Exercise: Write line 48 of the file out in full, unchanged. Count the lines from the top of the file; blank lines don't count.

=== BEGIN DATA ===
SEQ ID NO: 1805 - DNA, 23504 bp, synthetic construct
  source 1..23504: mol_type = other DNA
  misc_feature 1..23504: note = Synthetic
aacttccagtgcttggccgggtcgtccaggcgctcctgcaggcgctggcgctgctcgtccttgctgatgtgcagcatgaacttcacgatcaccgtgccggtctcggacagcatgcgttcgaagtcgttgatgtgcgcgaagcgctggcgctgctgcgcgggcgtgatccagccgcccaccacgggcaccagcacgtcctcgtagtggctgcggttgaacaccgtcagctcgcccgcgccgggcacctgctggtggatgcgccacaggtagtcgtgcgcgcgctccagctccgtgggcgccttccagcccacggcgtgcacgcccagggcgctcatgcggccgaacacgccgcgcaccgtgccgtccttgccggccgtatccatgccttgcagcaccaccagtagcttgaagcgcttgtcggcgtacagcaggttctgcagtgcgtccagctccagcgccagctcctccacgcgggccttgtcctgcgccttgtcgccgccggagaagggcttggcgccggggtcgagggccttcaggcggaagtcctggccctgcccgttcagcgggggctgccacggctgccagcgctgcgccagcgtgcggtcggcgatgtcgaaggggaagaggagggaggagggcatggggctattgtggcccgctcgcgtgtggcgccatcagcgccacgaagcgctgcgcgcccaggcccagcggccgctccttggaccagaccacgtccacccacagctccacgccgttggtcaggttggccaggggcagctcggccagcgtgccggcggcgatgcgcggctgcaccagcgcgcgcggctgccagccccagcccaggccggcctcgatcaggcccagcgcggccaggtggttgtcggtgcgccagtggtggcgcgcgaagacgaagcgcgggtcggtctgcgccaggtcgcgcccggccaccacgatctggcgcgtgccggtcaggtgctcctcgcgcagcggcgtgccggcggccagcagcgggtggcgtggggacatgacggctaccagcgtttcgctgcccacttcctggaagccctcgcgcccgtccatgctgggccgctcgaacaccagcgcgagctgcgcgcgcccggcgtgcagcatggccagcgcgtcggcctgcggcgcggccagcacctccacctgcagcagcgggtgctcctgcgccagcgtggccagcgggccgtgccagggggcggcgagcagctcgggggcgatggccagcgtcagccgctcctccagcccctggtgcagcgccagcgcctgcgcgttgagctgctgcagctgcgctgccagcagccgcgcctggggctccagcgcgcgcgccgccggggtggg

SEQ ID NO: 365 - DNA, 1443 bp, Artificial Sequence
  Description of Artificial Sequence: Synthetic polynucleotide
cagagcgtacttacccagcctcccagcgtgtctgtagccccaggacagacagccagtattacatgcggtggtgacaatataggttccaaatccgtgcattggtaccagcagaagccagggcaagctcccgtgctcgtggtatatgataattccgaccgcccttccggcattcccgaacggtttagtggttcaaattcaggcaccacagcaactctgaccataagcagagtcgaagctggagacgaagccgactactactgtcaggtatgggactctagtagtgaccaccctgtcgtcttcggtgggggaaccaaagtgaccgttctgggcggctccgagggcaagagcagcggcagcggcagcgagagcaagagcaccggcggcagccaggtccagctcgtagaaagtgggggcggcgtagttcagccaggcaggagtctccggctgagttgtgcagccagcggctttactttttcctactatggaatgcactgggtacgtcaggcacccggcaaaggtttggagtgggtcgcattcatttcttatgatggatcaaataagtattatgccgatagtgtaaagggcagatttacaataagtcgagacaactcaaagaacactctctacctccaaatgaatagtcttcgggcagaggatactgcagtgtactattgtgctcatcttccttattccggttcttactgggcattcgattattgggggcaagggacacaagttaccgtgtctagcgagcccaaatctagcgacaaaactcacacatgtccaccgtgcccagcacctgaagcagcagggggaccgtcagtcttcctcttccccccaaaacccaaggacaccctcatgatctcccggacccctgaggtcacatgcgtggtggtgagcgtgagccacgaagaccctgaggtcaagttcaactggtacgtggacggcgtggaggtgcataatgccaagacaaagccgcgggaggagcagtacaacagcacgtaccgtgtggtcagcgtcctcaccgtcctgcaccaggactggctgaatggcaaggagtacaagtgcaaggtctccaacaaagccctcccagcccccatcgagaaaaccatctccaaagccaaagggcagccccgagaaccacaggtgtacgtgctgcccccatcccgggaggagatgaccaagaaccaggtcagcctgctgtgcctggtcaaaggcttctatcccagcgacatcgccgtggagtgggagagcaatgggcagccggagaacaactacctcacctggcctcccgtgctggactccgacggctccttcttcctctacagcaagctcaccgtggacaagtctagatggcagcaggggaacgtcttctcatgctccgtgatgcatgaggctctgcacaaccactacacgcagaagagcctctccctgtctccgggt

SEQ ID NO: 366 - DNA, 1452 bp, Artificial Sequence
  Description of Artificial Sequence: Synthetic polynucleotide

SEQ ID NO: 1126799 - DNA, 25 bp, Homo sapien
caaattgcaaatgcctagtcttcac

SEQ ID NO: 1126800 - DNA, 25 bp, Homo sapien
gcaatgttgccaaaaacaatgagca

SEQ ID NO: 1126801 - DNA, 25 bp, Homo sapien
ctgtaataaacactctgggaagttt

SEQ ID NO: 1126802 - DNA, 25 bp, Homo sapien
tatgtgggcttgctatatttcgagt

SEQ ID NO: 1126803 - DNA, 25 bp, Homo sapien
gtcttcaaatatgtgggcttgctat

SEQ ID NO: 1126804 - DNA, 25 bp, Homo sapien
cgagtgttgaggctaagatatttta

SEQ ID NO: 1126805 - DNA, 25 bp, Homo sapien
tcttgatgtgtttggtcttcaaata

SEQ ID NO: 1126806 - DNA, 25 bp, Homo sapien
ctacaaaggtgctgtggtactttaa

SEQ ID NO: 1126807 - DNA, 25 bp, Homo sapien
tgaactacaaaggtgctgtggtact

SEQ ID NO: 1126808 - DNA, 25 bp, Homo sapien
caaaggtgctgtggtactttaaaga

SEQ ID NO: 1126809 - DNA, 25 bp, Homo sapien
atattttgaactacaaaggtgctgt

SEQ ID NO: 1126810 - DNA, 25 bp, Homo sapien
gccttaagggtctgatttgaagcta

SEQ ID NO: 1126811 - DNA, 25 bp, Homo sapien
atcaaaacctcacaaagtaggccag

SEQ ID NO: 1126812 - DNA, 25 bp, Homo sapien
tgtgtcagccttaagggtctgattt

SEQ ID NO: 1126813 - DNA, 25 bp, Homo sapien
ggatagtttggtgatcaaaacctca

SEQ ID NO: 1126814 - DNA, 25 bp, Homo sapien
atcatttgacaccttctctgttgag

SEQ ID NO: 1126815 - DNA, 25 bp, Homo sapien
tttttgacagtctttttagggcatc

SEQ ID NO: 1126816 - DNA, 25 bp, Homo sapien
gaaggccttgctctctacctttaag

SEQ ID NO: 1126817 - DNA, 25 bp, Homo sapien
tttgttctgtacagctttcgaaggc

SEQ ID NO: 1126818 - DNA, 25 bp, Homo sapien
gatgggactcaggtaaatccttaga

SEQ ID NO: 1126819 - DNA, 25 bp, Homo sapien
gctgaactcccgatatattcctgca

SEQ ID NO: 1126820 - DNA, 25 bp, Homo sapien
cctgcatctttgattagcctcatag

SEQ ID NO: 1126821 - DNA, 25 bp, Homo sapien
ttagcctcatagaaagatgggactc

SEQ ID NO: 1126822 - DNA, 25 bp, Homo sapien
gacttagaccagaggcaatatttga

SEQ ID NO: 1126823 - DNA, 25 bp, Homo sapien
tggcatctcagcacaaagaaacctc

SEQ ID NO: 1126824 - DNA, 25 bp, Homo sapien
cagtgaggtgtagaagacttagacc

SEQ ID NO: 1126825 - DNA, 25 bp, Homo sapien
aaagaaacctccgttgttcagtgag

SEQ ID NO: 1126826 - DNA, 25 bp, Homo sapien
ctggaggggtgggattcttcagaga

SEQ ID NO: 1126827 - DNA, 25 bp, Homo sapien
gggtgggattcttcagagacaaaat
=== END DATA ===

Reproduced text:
SEQ ID NO: 1126818 - DNA, 25 bp, Homo sapien